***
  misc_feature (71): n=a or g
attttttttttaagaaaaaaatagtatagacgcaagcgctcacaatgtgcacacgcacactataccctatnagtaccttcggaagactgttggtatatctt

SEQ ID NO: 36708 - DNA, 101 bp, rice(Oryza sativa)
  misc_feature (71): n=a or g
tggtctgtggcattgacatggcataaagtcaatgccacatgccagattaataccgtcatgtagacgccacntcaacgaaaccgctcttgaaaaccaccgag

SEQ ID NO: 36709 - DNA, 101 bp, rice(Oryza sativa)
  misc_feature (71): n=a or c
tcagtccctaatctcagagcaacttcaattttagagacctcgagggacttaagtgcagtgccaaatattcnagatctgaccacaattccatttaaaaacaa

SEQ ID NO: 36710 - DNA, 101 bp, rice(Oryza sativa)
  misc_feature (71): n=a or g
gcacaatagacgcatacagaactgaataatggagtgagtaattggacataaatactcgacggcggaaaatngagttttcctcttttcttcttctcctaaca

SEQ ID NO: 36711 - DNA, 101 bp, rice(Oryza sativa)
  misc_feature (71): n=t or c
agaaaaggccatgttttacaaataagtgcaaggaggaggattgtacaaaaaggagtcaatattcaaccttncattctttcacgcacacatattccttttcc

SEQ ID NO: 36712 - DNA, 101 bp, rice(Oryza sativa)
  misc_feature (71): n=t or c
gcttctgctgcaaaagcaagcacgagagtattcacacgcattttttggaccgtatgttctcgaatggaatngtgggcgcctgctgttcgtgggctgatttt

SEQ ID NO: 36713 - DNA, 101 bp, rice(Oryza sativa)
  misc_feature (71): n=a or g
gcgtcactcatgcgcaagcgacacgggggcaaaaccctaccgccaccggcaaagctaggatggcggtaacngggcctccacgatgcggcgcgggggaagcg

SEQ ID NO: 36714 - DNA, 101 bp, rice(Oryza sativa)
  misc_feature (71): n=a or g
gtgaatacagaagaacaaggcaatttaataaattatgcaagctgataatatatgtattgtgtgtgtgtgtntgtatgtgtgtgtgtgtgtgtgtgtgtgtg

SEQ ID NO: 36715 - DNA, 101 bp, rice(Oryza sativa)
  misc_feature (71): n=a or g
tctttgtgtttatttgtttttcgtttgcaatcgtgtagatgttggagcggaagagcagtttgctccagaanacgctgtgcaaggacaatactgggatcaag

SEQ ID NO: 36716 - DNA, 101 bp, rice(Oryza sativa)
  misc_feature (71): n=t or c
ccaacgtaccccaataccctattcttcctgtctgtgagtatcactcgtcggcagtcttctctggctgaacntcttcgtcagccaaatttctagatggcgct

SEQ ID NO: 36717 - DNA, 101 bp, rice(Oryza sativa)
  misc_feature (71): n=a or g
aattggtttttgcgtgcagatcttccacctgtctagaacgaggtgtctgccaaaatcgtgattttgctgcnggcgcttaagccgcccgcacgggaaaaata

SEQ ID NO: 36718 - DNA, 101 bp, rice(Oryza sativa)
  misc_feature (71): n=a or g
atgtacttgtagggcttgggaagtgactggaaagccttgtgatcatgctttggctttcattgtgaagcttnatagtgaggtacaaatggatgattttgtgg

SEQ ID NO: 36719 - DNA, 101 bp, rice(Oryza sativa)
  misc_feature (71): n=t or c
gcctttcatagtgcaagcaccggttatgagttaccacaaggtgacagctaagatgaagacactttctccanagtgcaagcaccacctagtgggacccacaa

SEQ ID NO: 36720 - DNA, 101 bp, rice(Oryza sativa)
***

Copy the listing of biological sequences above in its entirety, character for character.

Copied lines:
  misc_feature (71): n=a or g
attttttttttaagaaaaaaatagtatagacgcaagcgctcacaatgtgcacacgcacactataccctatnagtaccttcggaagactgttggtatatctt

SEQ ID NO: 36708 - DNA, 101 bp, rice(Oryza sativa)
  misc_feature (71): n=a or g
tggtctgtggcattgacatggcataaagtcaatgccacatgccagattaataccgtcatgtagacgccacntcaacgaaaccgctcttgaaaaccaccgag

SEQ ID NO: 36709 - DNA, 101 bp, rice(Oryza sativa)
  misc_feature (71): n=a or c
tcagtccctaatctcagagcaacttcaattttagagacctcgagggacttaagtgcagtgccaaatattcnagatctgaccacaattccatttaaaaacaa

SEQ ID NO: 36710 - DNA, 101 bp, rice(Oryza sativa)
  misc_feature (71): n=a or g
gcacaatagacgcatacagaactgaataatggagtgagtaattggacataaatactcgacggcggaaaatngagttttcctcttttcttcttctcctaaca

SEQ ID NO: 36711 - DNA, 101 bp, rice(Oryza sativa)
  misc_feature (71): n=t or c
agaaaaggccatgttttacaaataagtgcaaggaggaggattgtacaaaaaggagtcaatattcaaccttncattctttcacgcacacatattccttttcc

SEQ ID NO: 36712 - DNA, 101 bp, rice(Oryza sativa)
  misc_feature (71): n=t or c
gcttctgctgcaaaagcaagcacgagagtattcacacgcattttttggaccgtatgttctcgaatggaatngtgggcgcctgctgttcgtgggctgatttt

SEQ ID NO: 36713 - DNA, 101 bp, rice(Oryza sativa)
  misc_feature (71): n=a or g
gcgtcactcatgcgcaagcgacacgggggcaaaaccctaccgccaccggcaaagctaggatggcggtaacngggcctccacgatgcggcgcgggggaagcg

SEQ ID NO: 36714 - DNA, 101 bp, rice(Oryza sativa)
  misc_feature (71): n=a or g
gtgaatacagaagaacaaggcaatttaataaattatgcaagctgataatatatgtattgtgtgtgtgtgtntgtatgtgtgtgtgtgtgtgtgtgtgtgtg

SEQ ID NO: 36715 - DNA, 101 bp, rice(Oryza sativa)
  misc_feature (71): n=a or g
tctttgtgtttatttgtttttcgtttgcaatcgtgtagatgttggagcggaagagcagtttgctccagaanacgctgtgcaaggacaatactgggatcaag

SEQ ID NO: 36716 - DNA, 101 bp, rice(Oryza sativa)
  misc_feature (71): n=t or c
ccaacgtaccccaataccctattcttcctgtctgtgagtatcactcgtcggcagtcttctctggctgaacntcttcgtcagccaaatttctagatggcgct

SEQ ID NO: 36717 - DNA, 101 bp, rice(Oryza sativa)
  misc_feature (71): n=a or g
aattggtttttgcgtgcagatcttccacctgtctagaacgaggtgtctgccaaaatcgtgattttgctgcnggcgcttaagccgcccgcacgggaaaaata

SEQ ID NO: 36718 - DNA, 101 bp, rice(Oryza sativa)
  misc_feature (71): n=a or g
atgtacttgtagggcttgggaagtgactggaaagccttgtgatcatgctttggctttcattgtgaagcttnatagtgaggtacaaatggatgattttgtgg

SEQ ID NO: 36719 - DNA, 101 bp, rice(Oryza sativa)
  misc_feature (71): n=t or c
gcctttcatagtgcaagcaccggttatgagttaccacaaggtgacagctaagatgaagacactttctccanagtgcaagcaccacctagtgggacccacaa

SEQ ID NO: 36720 - DNA, 101 bp, rice(Oryza sativa)